Submitted to: Popular Publication
Publication Type: Popular Publication
Publication Acceptance Date: 9/1/2013
Publication Date: 10/1/2013
Citation: Taylor, J.B. 2013. Natural selenium-rich feeds manage selenium deficiency in Oregon sheep. The Oregon Sheep Grower. 29:5. Interpretive Summary: A natural selenium-rich feed product was developed by the USDA, Agricultural Research Service, U.S. Sheep Experiment Station for the purposes of enhancing the long-term selenium status of grazing livestock. Our on-farm tests with this product in Oregon demonstrated that supplements and feeds manufactured from products that are naturally rich in selenium can be used in a short-term feeding program to rapidly enhance the selenium status of livestock and their nursing young. This enhanced selenium status lasted long after the selenium-rich test product was fed; in other words, a short-term feeding program was applied that resulted in long-term positive results.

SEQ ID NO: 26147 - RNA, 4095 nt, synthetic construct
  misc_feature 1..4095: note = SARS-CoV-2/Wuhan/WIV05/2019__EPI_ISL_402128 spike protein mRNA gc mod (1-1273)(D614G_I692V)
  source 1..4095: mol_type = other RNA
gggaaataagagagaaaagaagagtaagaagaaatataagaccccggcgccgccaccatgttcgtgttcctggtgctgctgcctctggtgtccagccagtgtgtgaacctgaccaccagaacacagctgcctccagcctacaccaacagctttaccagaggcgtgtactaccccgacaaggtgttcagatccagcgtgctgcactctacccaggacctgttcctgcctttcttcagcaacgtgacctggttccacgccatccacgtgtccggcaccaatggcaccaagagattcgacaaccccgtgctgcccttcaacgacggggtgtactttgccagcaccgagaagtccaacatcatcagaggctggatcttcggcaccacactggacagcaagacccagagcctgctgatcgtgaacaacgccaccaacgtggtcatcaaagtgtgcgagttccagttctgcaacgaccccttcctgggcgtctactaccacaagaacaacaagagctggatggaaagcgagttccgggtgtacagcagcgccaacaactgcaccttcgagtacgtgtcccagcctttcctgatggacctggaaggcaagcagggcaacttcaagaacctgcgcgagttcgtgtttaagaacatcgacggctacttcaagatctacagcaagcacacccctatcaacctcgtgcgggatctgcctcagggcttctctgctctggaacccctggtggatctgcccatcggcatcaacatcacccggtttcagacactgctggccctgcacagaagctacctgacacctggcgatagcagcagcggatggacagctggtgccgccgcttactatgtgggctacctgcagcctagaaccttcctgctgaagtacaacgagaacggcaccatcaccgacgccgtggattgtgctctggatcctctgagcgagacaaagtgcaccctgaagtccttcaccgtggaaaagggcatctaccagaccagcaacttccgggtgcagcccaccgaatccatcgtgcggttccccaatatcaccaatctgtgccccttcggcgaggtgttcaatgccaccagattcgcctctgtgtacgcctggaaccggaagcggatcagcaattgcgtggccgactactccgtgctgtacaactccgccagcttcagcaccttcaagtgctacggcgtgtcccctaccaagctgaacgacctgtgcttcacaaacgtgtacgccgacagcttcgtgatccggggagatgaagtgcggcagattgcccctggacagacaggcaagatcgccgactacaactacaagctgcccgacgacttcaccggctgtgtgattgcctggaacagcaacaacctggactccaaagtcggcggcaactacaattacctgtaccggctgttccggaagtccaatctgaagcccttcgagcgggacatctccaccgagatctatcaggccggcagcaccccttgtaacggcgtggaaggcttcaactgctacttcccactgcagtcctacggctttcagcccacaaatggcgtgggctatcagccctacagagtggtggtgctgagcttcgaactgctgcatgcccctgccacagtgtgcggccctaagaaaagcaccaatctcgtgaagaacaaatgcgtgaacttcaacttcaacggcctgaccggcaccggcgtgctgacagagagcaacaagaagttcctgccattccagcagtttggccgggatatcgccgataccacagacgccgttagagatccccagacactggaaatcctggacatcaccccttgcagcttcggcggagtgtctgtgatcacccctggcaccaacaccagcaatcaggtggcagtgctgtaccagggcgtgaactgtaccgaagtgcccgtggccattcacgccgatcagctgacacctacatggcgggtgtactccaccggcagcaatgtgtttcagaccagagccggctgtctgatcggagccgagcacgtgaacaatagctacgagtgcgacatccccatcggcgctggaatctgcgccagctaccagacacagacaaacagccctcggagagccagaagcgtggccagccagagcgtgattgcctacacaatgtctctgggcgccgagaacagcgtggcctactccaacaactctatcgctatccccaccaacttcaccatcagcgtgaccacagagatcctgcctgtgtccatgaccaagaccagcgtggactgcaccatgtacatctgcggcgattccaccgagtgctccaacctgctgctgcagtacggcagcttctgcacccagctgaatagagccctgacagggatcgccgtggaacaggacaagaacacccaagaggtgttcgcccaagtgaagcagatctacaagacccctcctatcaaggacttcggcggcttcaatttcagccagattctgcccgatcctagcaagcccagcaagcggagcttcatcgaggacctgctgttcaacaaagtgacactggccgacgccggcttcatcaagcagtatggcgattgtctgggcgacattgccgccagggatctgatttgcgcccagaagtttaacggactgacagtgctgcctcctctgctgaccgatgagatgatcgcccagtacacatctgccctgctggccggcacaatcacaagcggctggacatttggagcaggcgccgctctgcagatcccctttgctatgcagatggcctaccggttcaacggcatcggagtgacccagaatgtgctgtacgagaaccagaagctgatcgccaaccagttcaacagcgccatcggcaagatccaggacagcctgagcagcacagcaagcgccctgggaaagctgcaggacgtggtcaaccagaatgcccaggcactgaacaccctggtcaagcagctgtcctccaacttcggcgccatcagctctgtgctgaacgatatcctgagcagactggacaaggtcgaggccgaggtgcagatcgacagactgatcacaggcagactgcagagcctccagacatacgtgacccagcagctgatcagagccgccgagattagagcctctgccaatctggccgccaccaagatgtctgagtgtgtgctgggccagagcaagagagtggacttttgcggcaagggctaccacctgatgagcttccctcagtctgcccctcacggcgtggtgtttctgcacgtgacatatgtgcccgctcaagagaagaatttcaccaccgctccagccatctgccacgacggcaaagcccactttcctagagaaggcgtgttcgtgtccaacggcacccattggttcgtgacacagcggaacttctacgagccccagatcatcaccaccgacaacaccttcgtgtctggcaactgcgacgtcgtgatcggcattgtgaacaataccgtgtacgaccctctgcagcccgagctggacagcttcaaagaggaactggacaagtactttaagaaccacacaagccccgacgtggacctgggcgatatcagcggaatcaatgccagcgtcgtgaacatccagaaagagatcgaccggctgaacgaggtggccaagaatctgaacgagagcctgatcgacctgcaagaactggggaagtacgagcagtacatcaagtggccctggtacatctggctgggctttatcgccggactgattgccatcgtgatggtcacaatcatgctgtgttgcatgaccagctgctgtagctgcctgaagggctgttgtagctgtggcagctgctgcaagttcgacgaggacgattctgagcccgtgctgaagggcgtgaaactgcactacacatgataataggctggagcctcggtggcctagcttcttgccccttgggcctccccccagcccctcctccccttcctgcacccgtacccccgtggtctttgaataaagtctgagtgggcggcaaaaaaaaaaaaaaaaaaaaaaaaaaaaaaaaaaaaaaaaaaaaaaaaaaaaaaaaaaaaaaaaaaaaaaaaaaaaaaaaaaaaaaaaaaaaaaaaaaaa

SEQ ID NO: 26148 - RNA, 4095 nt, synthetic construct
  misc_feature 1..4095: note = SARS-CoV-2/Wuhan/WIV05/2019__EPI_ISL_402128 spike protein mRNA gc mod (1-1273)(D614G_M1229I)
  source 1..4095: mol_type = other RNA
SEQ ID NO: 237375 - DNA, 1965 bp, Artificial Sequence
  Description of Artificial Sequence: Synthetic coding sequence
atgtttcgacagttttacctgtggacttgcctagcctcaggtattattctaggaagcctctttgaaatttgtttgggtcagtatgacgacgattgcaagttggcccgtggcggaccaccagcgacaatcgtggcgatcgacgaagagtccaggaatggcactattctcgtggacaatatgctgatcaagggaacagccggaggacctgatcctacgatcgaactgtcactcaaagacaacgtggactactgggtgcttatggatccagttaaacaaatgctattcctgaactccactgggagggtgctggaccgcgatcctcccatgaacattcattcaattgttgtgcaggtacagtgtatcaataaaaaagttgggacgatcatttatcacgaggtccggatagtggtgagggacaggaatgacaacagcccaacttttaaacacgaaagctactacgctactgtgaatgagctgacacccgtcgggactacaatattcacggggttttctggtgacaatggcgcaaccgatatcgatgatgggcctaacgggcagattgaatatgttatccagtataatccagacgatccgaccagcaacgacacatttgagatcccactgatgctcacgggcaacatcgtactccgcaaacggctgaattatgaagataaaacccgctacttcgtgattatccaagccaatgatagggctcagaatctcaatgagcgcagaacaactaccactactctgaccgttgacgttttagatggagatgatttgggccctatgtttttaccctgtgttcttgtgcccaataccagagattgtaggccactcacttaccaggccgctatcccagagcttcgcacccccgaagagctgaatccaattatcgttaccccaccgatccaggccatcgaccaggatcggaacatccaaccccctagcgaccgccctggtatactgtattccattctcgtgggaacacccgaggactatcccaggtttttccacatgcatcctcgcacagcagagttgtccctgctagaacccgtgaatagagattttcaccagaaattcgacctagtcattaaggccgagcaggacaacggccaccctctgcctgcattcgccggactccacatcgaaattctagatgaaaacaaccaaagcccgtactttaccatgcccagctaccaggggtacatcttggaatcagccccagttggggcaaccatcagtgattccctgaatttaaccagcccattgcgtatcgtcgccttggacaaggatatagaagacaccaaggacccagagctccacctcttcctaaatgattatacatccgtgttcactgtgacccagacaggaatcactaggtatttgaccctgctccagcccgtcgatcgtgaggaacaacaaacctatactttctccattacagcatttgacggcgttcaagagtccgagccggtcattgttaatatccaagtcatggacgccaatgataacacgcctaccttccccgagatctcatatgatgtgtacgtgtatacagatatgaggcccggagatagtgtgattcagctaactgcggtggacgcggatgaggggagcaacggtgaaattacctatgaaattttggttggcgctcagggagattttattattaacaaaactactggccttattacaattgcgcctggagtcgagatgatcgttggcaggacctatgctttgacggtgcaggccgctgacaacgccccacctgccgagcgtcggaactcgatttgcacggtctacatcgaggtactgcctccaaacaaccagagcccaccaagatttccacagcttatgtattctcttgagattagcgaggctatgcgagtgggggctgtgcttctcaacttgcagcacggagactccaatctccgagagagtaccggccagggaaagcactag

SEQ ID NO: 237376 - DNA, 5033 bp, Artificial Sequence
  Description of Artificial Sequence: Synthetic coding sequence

Technical Abstract: A natural selenium-rich feed product (SePR) was developed by the USDA, ARS, U.S. Sheep Experiment Station for the purposes of enhancing the long-term selenium status of grazing livestock. In cooperation with Intermountain Farmers Association (Salt Lake City, UT), a bulk amount of SePR was manufactured and shipped to various cooperating sheep ranches and farms (locations) in Oregon for testing. Each location fed SePR for the first 22 to 40 days after lambing. SePR enhanced the selenium status of ewes and their nursing young. Depending on the locations, selenium content of whole blood increased 21 to 52% in ewes and 25% to 117% in nursing lambs. Locations that feed SePR for more days achieved greater enhancement of whole blood selenium in ewes and lambs. Lambs did not consume SePR and, thus, received the benefit of SePR through the ewes’ milk, which demonstrated that the best time to enhance selenium status of lambs is to feed SePR to the ewes during early lactation. Selenium content of wool significantly increased at all locations after SePR was fed to the ewes; the magnitude of selenium enrichment in wool was much greater than what was observed in whole blood. Based on previous work, enrichment of wool with selenium is similar to what is observed in skeletal muscle when SePR-like products were fed to sheep. Selenium that is incorporated in muscle tissue can act as a “selenium reserve,” which slowly releases selenium back to the body over long periods of time; an effect not possible with traditional selenium supplements formulated with sodium selenite. In summary, we demonstrated that feedstuffs that are naturally rich in selenium can be used in a short-term feeding program to rapidly enhance the long-term selenium status of ewes and nursing lambs.